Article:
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Kitchen fire safety procedures are essential to have in place. Kitchens within commercial premises can have very high risk factor. Of course this does depend on the type and size of kitchen. Sizes obviously range from the small kitchen area within an small office area with a kettle and microwave oven to a fully operational kitchen within a large restaurant seating 200 people.
Kitchen Fire Safety within a Small Workplace Kitchen
If its a kitchen with just a toaster, microwave, fridge, and kettle facilities then all that may be recommended is a fire blanket and maybe heat detection depending on the location of the kitchen. Obviously all kitchens should be kept clean, but special attention must be paid to keep areas free of oil and grease. Build-up of grease inside cookers and oven tops can lead to a fire, so regular cleaning of ovens and equipment is essential.
Kitchen Fire Safety within Larger Commercial Kitchens.
According to UK government statistics, over half of all fires attended by the fire services involve cooking equipment, with many of these occurring in restaurants, canteens, hotel kitchens and fast food outlets.
There is a very high fire risk associated with professional cooking environments, as the potential for accidents is high in a fast paced, highly pressured environment. Combine this with large volumes of flammable cooking oil, naked flames and heat sources – you can see the very high fire risk potential
Follow Manufacturer’s Instructions.
Ensure the equipment is regularly maintained.In kitchens there is a lot of equipment that could potentially be dangerous if incorrectly installed or misused. Cooking appliances and apparatus such as ovens and deep fat fryers must always be correctly installed and used in accordance with the manufacturer’s recommendations.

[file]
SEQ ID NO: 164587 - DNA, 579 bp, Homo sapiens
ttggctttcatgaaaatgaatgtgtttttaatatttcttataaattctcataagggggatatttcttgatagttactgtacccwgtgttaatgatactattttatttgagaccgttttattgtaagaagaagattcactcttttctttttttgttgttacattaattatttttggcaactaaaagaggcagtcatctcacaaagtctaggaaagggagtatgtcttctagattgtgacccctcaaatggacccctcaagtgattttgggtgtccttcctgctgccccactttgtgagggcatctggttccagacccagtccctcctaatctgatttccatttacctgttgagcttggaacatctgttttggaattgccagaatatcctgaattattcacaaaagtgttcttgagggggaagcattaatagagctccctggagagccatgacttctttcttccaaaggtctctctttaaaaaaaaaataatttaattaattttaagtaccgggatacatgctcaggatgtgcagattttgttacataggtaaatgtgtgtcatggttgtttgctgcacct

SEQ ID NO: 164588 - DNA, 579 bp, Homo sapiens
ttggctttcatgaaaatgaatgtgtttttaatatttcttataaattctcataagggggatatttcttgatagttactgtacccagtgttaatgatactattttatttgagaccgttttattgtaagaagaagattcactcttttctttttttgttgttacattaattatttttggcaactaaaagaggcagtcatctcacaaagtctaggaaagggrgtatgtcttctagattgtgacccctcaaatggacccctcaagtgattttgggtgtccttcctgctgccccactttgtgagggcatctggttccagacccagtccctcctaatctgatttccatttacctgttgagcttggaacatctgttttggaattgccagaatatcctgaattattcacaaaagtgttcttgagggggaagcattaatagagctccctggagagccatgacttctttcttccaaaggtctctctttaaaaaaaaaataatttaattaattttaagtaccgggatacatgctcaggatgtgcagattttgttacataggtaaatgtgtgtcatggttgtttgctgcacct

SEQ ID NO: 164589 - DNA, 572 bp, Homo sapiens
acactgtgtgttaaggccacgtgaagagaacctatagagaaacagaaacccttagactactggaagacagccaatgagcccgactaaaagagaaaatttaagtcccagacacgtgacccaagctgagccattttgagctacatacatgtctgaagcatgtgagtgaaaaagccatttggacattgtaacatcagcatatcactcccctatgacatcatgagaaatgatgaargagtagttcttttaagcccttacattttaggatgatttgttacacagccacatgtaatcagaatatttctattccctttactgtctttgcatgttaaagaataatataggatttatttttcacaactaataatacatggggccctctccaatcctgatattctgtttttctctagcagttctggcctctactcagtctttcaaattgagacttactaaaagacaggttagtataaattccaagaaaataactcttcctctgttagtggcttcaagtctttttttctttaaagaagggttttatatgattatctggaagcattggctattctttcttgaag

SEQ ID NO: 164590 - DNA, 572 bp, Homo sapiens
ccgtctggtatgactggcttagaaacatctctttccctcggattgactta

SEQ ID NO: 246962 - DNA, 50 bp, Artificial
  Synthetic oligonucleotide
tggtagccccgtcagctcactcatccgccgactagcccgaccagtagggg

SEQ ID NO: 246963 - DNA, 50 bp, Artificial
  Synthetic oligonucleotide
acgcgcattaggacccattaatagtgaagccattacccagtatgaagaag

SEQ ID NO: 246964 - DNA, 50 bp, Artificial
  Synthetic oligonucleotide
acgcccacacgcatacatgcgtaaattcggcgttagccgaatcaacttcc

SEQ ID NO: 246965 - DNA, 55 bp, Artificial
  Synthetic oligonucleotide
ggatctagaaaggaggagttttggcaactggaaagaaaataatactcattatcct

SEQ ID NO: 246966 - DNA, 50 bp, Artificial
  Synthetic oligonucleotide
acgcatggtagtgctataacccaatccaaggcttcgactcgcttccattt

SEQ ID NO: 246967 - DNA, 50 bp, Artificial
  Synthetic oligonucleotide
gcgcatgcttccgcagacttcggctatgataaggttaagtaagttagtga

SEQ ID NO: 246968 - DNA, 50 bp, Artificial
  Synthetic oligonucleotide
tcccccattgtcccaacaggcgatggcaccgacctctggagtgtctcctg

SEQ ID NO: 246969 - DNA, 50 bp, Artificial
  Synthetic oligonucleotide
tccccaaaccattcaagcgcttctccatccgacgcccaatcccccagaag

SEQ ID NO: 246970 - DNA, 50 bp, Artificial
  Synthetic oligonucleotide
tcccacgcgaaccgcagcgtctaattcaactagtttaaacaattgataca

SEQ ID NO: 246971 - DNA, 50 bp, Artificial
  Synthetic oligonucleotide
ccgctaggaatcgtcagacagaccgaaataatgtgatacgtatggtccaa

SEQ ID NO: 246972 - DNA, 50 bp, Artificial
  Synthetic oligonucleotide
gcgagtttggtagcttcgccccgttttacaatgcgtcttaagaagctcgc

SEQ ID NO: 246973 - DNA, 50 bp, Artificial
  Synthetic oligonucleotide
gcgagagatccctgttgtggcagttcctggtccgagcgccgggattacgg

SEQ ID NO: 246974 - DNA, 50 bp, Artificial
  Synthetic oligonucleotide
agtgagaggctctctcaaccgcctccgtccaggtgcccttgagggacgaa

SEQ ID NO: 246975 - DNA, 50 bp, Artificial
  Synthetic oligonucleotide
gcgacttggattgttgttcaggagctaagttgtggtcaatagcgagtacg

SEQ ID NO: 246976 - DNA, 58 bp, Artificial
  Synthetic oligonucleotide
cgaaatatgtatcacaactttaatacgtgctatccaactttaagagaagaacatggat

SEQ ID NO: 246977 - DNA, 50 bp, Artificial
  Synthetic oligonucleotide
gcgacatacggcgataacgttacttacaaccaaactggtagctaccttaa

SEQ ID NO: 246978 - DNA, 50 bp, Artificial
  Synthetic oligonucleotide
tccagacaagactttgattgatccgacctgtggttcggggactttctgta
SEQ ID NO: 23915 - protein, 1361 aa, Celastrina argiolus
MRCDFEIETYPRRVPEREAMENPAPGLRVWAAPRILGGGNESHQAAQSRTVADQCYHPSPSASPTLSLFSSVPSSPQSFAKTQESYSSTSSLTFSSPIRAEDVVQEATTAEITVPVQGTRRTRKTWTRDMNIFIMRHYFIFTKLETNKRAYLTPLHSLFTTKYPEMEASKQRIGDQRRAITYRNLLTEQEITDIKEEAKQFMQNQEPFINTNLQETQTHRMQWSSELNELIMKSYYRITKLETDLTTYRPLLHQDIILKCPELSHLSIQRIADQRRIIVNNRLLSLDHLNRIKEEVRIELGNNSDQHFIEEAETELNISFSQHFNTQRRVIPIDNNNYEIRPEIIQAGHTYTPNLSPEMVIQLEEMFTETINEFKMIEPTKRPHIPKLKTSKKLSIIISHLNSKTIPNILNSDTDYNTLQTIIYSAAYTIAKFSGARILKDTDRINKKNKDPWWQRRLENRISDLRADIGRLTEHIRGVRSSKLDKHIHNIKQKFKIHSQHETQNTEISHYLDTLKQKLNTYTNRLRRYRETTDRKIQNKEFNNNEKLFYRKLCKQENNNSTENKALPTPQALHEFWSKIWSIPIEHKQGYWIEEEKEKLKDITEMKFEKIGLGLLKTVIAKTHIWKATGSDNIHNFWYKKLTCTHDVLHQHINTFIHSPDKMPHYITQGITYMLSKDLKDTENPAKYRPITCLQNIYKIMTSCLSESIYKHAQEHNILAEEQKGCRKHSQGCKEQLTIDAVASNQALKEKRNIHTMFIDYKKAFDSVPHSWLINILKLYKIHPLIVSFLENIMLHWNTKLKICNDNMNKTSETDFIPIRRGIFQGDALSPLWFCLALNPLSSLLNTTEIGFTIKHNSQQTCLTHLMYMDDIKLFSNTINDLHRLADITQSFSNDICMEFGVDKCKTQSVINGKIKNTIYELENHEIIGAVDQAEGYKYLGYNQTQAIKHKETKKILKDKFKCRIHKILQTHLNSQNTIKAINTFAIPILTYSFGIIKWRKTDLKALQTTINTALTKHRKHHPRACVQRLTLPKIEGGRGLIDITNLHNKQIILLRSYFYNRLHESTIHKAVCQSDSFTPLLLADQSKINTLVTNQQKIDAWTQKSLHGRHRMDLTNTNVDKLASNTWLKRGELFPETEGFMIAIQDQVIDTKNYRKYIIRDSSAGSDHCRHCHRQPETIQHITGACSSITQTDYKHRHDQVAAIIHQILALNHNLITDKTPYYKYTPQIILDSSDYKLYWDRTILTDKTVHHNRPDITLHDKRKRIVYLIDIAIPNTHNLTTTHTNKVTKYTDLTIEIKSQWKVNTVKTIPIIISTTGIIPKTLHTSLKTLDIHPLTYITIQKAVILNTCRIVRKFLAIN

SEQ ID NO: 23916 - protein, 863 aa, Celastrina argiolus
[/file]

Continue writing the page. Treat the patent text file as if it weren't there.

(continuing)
Deep Fat Fryers
Deep fat fryers, commonly used in fast food outlets and restaurants are a common cause of kitchen fires. Overfilling them can lead to the oil being ignited and going up in flames. Once started, the fire can spread very quickly, causing serious risk of injury and even death. To ensure kitchen fire safety take care to fill to the appropriate level and never leave unattended if in use.If possible choose a fat fryer with a special system built in to automatically turn off once the oil reaches a certain temperature, this stops overheating and reduces the risk of a fire. If deep fat fryers are used then a Wet Chem extinguisher should be installed within the kitchen.
Remote power shutdown in an emergency
Passive fire protection is important to ensure the layout of a kitchen helps prevent fire as well as aiding attempts to contain fire and make the area safe. If a fire starts, it’s crucial that the power or gas supply is able to be shutdown remotely, to make the situation safer for Fire and Rescue Services and avert a potentially far worse situation. Also ensure the kitchen is compartmentalised to enable 30 minute fire resistance. Well maintained fire doors with intumescent strips and smoke seals should be installed where appropriate.